Casado comes in all shapes and sizes, according to the region and the season. Some include fried plantains, avocado slices, tortillas, or a fried egg. Most restaurants have it on the menu.
5. Olla de carne – Beef and Vegetable Stew
Costa Rican love to chow down on olla de carne (literally “pot of meat”) on weekends and at family gatherings.
The lengthy cooking time for the beef and a large number of vegetables (yuca, potatoes, chayote, carrots, corn, and plantains) in the recipe make it ideal to prepare in large batches. It’s typically served with rice and beans on the side.
6. Picadillos – Veggie Hash
Costa Rica’s version of the taco, picadillos are simple mixes of chopped vegetables sauteed in oil with onions, broth, herbs, and seasonings.
The name of the dish states the main vegetable. For example:
- picadillo de zapallo – squash hash
- picadillo de vainitas – green bean hash
- picadillo de papa – hash browns
- picadillo de papaya – papaya hash
People either serve it over white rice or on corn tortillas.
7. Chorreadas – Corn Pancakes
Chorreadas are sweet or savory corn-based pancakes. They’re a Costa Rican staple for breakfast. Sweet corn, sugar, flour, eggs, butter, milk, and vanilla combine to create this treat.
The sweet version may be topped with honey or syrup. The savory variation often includes a dollop of sour cream-like natilla that is usually on top. Either way, chorreadas are a delicious accompaniment to your morning or afternoon coffee.
Originally from Peru, ceviche is a popular Costa Rican appetizer. In Costa Rican ceviche, the fish is typically marinated in lime juice for at least an hour, which results in a less raw-tasting fish.
Octopus, shrimp, or firm white fish, such as corvina (croaker), are common as the base. They’re mixed with minced onions, celery, bell pepper, tomatoes, garlic, and cilantro. Some locals add a splash of ketchup or tabasco.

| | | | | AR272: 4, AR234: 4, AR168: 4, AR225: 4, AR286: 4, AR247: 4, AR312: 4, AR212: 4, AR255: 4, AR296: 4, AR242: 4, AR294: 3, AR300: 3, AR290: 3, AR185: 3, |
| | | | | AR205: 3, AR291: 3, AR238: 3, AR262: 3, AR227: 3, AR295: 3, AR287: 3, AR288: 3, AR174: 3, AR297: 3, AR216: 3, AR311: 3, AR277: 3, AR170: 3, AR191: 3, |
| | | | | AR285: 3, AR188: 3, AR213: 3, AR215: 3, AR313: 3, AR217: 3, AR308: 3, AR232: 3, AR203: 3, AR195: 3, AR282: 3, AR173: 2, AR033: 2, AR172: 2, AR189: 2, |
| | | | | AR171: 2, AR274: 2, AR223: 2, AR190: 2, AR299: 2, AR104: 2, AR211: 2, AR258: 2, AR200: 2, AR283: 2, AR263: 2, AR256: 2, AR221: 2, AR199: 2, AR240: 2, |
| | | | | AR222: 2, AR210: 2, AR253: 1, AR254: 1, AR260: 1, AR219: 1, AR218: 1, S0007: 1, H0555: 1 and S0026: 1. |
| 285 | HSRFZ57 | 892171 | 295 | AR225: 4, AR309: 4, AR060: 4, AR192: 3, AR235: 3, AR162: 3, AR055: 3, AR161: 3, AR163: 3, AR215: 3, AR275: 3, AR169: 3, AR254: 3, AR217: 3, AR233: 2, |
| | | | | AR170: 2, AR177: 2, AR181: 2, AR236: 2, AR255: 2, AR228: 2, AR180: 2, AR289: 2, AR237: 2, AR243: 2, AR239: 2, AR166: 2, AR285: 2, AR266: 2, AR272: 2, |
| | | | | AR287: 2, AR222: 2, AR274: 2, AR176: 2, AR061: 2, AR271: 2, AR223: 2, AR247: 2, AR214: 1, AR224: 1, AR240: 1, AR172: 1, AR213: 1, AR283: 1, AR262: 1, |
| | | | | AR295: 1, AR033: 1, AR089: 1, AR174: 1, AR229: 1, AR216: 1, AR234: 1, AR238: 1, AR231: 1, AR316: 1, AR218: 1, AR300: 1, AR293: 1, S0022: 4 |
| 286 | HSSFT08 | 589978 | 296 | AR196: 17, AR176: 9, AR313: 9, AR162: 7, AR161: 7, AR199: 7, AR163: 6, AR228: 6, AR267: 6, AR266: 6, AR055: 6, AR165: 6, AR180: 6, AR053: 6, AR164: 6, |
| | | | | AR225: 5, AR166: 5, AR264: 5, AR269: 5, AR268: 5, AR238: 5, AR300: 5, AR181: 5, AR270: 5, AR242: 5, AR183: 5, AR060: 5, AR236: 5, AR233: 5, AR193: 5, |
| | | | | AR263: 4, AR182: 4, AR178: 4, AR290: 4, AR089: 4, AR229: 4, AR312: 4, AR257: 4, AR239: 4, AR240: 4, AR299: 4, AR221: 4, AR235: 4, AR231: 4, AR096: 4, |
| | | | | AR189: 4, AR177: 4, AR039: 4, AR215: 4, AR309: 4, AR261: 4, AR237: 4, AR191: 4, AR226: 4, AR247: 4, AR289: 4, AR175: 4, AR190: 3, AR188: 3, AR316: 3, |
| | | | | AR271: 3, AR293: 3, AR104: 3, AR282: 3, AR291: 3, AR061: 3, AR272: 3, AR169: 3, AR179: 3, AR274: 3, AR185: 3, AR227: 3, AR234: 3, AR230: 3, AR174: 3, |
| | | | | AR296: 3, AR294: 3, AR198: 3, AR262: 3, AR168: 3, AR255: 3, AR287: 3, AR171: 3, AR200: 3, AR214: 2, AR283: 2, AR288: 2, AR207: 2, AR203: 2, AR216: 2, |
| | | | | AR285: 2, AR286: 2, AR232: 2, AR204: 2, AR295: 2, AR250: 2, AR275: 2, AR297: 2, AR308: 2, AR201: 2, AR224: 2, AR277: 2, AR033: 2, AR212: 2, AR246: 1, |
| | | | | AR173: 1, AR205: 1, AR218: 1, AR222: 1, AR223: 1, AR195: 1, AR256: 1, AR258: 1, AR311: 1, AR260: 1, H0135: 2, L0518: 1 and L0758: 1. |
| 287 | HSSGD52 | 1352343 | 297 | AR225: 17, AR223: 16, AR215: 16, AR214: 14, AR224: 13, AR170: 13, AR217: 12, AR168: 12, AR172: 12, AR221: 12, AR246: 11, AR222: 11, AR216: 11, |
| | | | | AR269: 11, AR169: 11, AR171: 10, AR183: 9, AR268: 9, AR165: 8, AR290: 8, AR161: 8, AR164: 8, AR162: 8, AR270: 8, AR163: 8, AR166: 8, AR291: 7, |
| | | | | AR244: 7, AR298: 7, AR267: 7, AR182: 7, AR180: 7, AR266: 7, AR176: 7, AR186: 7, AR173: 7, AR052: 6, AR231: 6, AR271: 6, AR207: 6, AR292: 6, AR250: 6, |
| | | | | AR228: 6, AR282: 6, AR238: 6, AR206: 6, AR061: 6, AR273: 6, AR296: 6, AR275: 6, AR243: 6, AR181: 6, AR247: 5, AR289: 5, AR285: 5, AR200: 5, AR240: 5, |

People enjoy their ceviche with salty crackers and avocado cubes. You’ll find the best ceviche on the Pacific coast of Costa Rica.
During the Christmas season, Costa Ricans enjoy la tamaleada. It’s a family gathering centered around making traditional pork tamales. These festive holiday Costa Rican tamales also contain ingredients like rice, sweet peas, bell peppers, and carrots, wrapped in banana leaves and steamed.
10. Sopa negra – Black Bean Soup
Sopa negra is a rich and hearty black bean soup. Blending a portion of the beans lends this dish it’s signature thickness. It has finely chopped cilantro, bell pepper, oregano, celery, garlic, and onion.
This filling soup is served with sliced hard-boiled eggs and white rice. It’s vegetarian and gluten-free.
Learn the Sweet Language of Costa Rica
If you’re planning a trip to Costa Rica, why not take the initiative to break the language barrier by studying Spanish beforehand? Learning Spanish not only helps you to gain access to authentic recipes but also makes your trip to Puerto Rico (and any other Latin American country or Spain) both simpler and more meaningful.
Sign up for a free trial class with one of our certified, native-speaking teachers at Homeschool Spanish Academy to improve your comprehension and conversation skills! With over 10,000 weekly 1-to-1 classes, our teachers are experienced at tailoring the curriculum to fit your needs and goals!